Drug Charges


It is important to hire an experienced criminal attorney because Florida's criminal drug laws are extremely harsh, complicated, and could seriously jeopardize your liberty. Generally, sale of a controlled substance is a second degree felony punishable by a maximum of 15 years in state prison. However, a sale of drugs within 1,000 feet of a school or church is a first degree felony and is punishable up to 30 years. Furthermore, if you are charged with drug trafficking, you may be facing a minimum fine of $50,000 and a minimum mandatory prison sentence ranging from 3 years up to 30 years, depending on the weight, quantity, and type of drugs charged. Even simple possession of marijuana has a maximum penalty of one year in county jail. Furthermore, a conviction for possession of marijuana or any illegal drug will suspend your drivers license.

Hire a Specialist

I am an experienced Board Certified Trial Specialist. Less than one percent of attorneys in Florida are Board Certified. Only Board Certified attorneys are permitted to call themselves specialists or experts in Criminal Law. Common sense dictates that you don't hire a family doctor to perform brain surgery - you hire a specialist. Likewise, because your freedom is at stake, don't make the mistake of hiring a criminal defense lawyer who isn't recognized by the Florida Bar as a specialist in criminal law. Instead, hire a criminal attorney who is Board Certified.

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Fortunately, there are many ways that an experienced criminal lawyer can help you fight these charges. Because the Constitution protects us from illegal searches and seizures, all evidence is inadmissable if it is obtained in violation of a person's rights. Therefore, evidence can be suppressed and your case can be dismissed if your rights were violated. Likewise, a criminal attorney can raise the entrapment defense. A person is innocent if he had no prior intention to commit the offense but was persuaded to commit the offense by law enforcement officers. Because confidential informants are considered law enforcement officer

for purposes of this defense, it is crucial for your criminal attorney to vigorously attack the credibility of any informants. Furthermore, Chapter 934 Florida Statues and the Florida and United States Constitutions grants us protection from prohibited uses of intercepted wire, oral, or electric communication intercepting devices. Strict legal procedures must be followed by law enforcement before wiretaps or other recording can be used against you in court. Therefore, it of primary importance that your criminal attorney thoroughly challenge the admissibility of any recordings.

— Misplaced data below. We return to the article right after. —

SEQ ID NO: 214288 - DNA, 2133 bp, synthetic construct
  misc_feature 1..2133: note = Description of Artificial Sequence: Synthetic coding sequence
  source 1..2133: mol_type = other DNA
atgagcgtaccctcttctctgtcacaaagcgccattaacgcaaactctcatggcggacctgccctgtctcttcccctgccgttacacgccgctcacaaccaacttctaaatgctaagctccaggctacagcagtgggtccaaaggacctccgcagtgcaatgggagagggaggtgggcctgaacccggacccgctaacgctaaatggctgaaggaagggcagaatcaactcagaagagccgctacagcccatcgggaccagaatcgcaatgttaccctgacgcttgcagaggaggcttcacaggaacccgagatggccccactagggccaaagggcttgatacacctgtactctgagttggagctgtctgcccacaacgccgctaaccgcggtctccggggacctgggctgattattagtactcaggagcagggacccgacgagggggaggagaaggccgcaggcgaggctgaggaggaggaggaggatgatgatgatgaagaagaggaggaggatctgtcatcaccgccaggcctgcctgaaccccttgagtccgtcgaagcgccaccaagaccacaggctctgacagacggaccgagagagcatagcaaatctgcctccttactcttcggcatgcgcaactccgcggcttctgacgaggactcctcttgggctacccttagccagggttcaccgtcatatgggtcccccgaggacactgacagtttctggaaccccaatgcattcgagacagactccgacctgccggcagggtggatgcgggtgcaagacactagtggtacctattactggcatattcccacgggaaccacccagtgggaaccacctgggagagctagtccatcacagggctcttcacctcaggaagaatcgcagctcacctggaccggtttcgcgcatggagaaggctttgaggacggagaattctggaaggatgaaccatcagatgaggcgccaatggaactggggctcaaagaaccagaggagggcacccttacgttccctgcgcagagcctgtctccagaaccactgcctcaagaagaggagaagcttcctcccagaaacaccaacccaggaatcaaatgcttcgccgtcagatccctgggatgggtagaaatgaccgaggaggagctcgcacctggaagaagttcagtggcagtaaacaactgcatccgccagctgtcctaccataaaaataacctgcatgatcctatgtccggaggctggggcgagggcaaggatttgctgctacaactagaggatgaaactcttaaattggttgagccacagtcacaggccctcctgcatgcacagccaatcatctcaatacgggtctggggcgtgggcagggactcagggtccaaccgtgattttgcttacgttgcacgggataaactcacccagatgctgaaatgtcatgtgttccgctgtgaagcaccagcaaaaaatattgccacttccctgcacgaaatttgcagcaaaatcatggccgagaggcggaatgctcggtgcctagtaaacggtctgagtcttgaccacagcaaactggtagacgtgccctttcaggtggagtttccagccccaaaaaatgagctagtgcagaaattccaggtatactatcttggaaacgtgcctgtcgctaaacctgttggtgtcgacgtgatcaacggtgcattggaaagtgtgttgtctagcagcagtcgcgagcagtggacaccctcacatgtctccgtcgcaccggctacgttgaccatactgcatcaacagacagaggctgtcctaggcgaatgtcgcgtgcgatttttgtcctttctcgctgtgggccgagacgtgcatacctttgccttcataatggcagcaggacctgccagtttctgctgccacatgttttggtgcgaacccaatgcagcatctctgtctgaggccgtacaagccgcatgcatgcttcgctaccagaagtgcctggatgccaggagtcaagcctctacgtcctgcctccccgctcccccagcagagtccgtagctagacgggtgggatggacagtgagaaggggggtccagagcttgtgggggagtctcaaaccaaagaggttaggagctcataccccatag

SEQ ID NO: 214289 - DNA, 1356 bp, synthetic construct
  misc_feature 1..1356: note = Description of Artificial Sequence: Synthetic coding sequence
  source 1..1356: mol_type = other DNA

However, many defendants are interested in resolving their cases by entering into a plea bargain. Furthermore, you may qualify for a downward departure from the court which could lead to a non prison sentence. I can assist you in getting accepted into drug treatment as a possible alternative to incarceration.

In order to convict a person for possession of drugs, the State Attorney has to prove three elements beyond all reasonable doubt (1) the Defendant was in possession of a substance; (2) the substance was a controlled substance, (3) and the Defendant had knowledge of the presence of the controlled substance.

If the substance is found in a place in which a person does not have control, in order to prove constructive possession, the state must prove the person's actual control over the drugs and knowledge of its presence. However, mere proximity to the drugs is not sufficient to establish control if it is contained in a place in which the person does not exercise control. Possession does not need to be exclusive. In other words, if two people are in joint possession, they can both be prosecuted.

The United States Constitution protects citizens against illegal searches and seizures. The exclusionary rule makes any evidence inadmissable if it is obtained in violation of a person's constitutional rights. Therefore, even if you were in possession of drugs, your criminal attorney can have the case dismissed if your rights were violated by the arresting police officer

Here are just a few of the many questions that an experienced criminal defense attorney needs to ask in order to determine whether your rights were violated: Q: Did the police officer have reasonable suspicion to make an initial stop? Q: Was the stop's duration only temporary to allow the least intrusive means available to dispel the officer's suspicion in a short time?

Q: Did the officer have a reasonable belief that you were armed and dangerous in order to frisk you for weapons prior to your arrest? Q: Did the police officer have probable cause to make an arrest? Q: Did the police officer obtain uncoerced consent to search your person or your vehicle? Q: Did the police officer search areas only within his lawful scope? If the answer to any of these questions is no, then your rights were violated and the case against you should be dismissed!